Russell: She was a member of a band that was technically good, but it wasn’t any fun?
Frank: (makes “yes” sound) So she does real estate.
Russell: You mean sell houses and land stuff. Sounds boring.
Frank: Catherine got into a band as the girl.
Russell: Lead singer?
Frank: You know bands that have the girl just for marketing.
Russell: Yeah.
Frank: We went to see them. It was sad. She tried to sing one of our songs, “Beaver”. But without the context of the OBR
Russell: It didn’t work.
Frank: She got shit from the audience.
Russell: They weren’t expecting it, whereas your audience was.
Frank: Sleazy.
Russell: It was out of the right context. Context is everything.
Frank: Or was all about new, creating a new context.
Russell: About creating a new context.
Frank: (makes “yes” sound)
Russell: OK.
Frank: So when she did not have that context …
Russell: Right. What did she think? Did she know it after she tried it?
Frank: I don’t think she understood.
Russell: That’s a shame. Things can have radically different effects on things.
Frank: Most of them still think it was trash.
Russell: Think of it as trash?
Frank: (makes “yes” sound)
Russell: Do you think it was one of the best things you did now? I get the sense that you enjoyed that.
Frank: On every level.
Russell: Yeah, it worked on every level.
Frank: Most artists would kill to get that fortunate opportunity. We had the Mab to do anything we wanted.
Russell: So you had a venue all of the time.
Frank: Which was one of the three top punk clubs in the country. All the top bands.
Russell: Yeah.
Frank: All the cutting-edge artists.
Russell: Yeah. Prime location.
Frank: Dirk was ready to walk when the owner said we had to go.
Russell: Wow.
Frank: We had people like Zappa say, “Love the show.” (laughs) We had worldwide press.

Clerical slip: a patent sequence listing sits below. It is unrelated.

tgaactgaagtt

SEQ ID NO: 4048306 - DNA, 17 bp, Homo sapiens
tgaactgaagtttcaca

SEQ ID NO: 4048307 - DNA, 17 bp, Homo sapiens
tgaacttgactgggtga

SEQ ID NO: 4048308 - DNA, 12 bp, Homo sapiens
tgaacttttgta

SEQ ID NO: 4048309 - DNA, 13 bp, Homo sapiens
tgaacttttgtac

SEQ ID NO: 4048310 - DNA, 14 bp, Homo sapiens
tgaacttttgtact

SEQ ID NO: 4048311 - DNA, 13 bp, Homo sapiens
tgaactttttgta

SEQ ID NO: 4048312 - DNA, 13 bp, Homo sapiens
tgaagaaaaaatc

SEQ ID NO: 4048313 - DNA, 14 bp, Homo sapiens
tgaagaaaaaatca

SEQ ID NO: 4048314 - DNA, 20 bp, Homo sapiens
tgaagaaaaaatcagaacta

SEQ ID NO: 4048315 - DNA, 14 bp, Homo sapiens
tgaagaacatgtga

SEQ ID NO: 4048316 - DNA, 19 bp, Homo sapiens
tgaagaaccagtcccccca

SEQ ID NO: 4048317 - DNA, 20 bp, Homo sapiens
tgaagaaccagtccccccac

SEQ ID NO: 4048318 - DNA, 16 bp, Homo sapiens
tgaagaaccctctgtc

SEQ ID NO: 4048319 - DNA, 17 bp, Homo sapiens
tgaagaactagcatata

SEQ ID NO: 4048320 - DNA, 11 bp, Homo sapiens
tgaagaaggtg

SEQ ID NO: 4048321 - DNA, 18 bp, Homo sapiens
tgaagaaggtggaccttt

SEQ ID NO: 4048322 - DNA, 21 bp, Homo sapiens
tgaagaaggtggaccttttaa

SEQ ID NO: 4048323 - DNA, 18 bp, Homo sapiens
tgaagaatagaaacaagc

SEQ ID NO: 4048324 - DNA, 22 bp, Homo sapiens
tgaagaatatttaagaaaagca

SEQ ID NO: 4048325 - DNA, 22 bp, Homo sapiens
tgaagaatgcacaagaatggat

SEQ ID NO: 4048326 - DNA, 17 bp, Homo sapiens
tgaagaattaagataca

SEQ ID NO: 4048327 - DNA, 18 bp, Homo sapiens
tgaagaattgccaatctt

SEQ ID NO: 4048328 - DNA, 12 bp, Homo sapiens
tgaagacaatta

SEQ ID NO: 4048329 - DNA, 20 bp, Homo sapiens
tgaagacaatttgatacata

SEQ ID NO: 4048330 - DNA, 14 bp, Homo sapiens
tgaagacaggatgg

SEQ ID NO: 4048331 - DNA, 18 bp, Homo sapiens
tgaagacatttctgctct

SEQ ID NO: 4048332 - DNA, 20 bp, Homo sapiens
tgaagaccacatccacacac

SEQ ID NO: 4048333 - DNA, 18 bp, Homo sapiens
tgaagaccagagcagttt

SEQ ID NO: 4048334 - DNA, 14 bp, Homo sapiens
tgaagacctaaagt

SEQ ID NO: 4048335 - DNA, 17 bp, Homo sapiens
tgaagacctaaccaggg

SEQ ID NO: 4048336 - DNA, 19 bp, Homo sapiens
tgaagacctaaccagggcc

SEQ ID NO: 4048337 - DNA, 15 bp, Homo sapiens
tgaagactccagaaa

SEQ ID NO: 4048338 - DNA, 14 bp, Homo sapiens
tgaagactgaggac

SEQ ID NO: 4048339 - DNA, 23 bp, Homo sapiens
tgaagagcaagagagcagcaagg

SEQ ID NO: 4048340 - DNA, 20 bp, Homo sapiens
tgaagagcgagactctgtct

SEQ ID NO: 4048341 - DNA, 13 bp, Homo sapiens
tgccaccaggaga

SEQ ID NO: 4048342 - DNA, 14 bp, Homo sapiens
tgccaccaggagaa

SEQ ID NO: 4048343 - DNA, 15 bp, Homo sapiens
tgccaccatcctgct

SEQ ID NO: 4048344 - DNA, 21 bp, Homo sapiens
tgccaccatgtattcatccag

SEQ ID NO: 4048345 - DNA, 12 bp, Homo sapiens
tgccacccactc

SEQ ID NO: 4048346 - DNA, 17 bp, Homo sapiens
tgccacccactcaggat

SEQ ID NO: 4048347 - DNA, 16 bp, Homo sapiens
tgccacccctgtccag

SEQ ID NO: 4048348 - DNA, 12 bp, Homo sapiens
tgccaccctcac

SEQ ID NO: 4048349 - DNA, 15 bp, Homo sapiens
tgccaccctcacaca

Russell: So that was pretty much of an impact.
Frank: They said Zappa must have been kidding.
Russell: Who said that?
Frank: The cast. (loud sounds) Robert Fripp liked the band.
Russell: Yeah, well these guys are pretty heavy duty avant-garde musicians. Fripp is definitely out there.
Frank: They did not believe him. (laughs)
Russell: Wow. He’s actually the guy who didn’t lay any wax!
Frank: And I explained it.
Russell: Simple! They were stupid. I have no idea.
Frank: (laughs)
Russell: They had expectations about what constituted good or excellent.
Frank: They thought it was not real theater or music.
Russell: Right. They had expectations about what real theater and music is. So, that’s a shame for them. Because they had a hit and they didn’t realize it.
Frank: So they don’t get it is history.
Russell: Yeah, right. What about Hoffman, was he the same way?
Frank: Like he wanted to be mainstream political.
Russell: You’re talking about him personally?
Frank: (makes “yes” sound) So even though he took his acts with respect, he thought it was something to distance himself from.
Russell: When you say he took his acts with respect, what do you mean by that?
Frank: He was a perfectionist.
Russell: OK. So he wanted to distance himself from his acts?
Frank: From the OBR.
Russell: At the time or later or both?
Frank: During.
Russell: How did he do that?
Frank: Not tell …
Russell: People that he was in it?
Frank: (makes “yes” sound)
Russell: Because he was afraid of being shunned by the mainstream?
Frank: Yeah.
Russell: So he may have been having fun but he did not want to own up to it in case it tarnished his reputation in the mainstream.
Frank: (makes “yes” sound) In the closet.
Russell: (laughs) OK. Did he maintain that throughout … that kind of attitude?
Frank: (makes “yes” sound) Which is silly.
Russell: (laughs) Why?
Frank: Because history … he was one of the first disabled performance artists.
Russell: Does he cop to that now?
Frank: You would know better than me.
Russell: (laughs) I’m just seeing if you would answer. (laughs) I can be sneaky.
Frank: He jumped around on his knees and had big bruises on his knees.
Russell: So he had the war warts. I think he cops to it and looks on it fondly.
Frank: Do you see the history?
Russell: Yeah. I know what you’re talking about. And I think he glimpses it at this point with respect. But he had a conflict of mainstream/avant-garde, or whatever you want to call it, in him. He walks that tightrope. So sometimes he goes one way or the other too. (laughs) But a lot of people don’t like that kind of thing. And a lot of people don’t even go as far as him. He seems to have or tried to apply some of the stuff you were doing at the time in his life since then, which … that’s good. That there’s still an effect all of those years later. You lived it. That’s you. But he walks that tightrope so, and yet he still gives it its credence, tries to keep it there.